On Friday 14th April Troxy, London played host to Secret Cinema X Tell No One- an immersive preview of Chan-Wook’s ‘The Handmaiden.’
The event saw attendees, dressed to the nines in evening gowns and black tie, gathering in the streets of East London for an evening shrouded in mystery. Guests weren’t told what film would be shown or the location of the screening but were given instructions and hints prior to the event such as ‘You must not speak until the Master signals it is appropriate to do so’ and ‘In advance, prepare and seal a letter of devotion to give to a stranger.’
Upon arrival, we switched off our phones and put them in opaque sealed bags before taking our vow of silence. We were then led by lantern through a secret underground passageway and into the building.
Troxy was decorated beautifully with an East-meets-West fusion representing the Japanese/ Korean mansion in which the film was set and the 1930’s art deco building perfectly echoed the era of the film. Actresses in hand maiden costumes led us past street food style stalls selling bento boxes and ice cream and to our seats. The tables were set with a Sudoku, origami instructions and a red lollipop, all small signs of what was to come.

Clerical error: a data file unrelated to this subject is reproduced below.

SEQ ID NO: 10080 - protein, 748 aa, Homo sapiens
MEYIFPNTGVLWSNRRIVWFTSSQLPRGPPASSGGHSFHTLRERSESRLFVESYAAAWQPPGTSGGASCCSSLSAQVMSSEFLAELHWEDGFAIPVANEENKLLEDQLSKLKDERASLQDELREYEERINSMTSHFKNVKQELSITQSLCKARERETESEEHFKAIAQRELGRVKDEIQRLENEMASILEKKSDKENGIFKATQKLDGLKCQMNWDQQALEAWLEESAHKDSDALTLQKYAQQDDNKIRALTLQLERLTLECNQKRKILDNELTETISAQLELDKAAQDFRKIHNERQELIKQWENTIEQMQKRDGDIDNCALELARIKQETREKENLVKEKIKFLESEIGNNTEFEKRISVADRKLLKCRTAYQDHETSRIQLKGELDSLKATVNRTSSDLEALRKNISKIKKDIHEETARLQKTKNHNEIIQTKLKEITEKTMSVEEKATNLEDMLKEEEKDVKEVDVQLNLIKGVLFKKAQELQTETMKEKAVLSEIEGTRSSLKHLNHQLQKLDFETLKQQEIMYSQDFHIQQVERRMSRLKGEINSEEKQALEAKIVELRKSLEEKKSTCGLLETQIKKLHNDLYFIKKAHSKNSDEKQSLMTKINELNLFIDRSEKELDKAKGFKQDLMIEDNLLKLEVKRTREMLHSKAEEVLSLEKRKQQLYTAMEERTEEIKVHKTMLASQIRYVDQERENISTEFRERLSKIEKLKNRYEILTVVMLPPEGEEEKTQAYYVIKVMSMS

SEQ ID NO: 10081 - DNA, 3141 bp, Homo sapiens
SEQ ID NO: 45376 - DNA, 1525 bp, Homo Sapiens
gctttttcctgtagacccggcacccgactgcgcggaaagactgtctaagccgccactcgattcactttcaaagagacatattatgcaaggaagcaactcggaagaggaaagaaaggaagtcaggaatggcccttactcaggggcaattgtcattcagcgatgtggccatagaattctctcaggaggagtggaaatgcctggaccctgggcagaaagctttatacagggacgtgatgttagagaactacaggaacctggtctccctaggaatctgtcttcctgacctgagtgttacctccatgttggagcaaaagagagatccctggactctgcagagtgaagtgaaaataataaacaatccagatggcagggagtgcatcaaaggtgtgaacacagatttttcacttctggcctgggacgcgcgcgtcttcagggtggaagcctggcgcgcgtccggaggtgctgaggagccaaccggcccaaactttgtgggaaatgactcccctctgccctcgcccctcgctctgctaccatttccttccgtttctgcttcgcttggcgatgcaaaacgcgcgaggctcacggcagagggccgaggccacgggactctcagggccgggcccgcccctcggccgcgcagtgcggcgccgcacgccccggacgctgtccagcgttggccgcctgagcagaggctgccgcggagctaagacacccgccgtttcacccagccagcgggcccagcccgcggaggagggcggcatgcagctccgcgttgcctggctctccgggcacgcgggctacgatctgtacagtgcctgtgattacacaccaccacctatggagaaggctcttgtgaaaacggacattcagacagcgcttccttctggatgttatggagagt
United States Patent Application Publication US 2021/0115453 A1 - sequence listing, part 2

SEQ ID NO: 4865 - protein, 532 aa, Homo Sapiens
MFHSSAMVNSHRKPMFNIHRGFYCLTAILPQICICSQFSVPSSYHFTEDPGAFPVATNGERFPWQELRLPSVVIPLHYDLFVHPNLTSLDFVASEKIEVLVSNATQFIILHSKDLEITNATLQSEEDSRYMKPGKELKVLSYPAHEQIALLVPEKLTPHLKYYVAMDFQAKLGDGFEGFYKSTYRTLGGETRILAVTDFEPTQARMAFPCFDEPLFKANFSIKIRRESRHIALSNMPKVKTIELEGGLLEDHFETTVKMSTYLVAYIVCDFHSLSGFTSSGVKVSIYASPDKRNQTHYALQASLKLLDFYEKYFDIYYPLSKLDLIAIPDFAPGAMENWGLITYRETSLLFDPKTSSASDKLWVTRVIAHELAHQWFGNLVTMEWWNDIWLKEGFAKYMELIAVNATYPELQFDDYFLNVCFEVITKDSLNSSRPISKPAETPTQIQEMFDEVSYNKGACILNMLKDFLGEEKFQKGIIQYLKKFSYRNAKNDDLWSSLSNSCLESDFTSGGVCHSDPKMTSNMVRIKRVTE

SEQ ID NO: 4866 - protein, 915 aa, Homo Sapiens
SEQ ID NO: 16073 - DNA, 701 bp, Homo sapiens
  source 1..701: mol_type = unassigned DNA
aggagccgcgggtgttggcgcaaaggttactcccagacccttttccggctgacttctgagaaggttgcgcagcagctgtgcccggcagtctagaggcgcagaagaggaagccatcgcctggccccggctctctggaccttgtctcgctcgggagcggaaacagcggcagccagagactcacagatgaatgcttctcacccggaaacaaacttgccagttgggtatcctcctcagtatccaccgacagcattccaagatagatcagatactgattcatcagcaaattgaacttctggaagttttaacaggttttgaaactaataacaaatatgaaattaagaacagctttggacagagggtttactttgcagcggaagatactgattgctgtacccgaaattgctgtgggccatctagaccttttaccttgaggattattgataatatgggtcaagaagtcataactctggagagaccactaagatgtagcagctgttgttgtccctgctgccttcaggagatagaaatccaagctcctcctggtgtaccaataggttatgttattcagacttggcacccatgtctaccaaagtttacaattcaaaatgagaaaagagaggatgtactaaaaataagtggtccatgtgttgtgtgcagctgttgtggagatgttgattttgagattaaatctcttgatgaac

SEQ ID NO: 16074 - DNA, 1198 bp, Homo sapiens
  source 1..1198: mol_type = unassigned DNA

We ordered our drinks, food and introduced ourselves using only pen and paper and, upon instruction, we wondered around the room to find a stranger to pass our letter of devotion to before settling down to be fully immersed in the film. On the stage below the cinema screen ran a large Shoji screen, lit from behind, which the actors used throughout the film by either waking through the door or using silhouettes to recreate what was happening on the screen above.
After the film, the Master of the House thanked us for attending and granted us permission to talk. Chairs and tables were removed and Troxy was transformed into a dance hall complete with DJ.
Secret Cinema X was a fantastic way to enjoy a film and bring it to life. The little touches, like blossom falling on the audience, created an immersive experience and the lack of phones and talking allowed the audience to suspend their disbelief and fully engage with the film.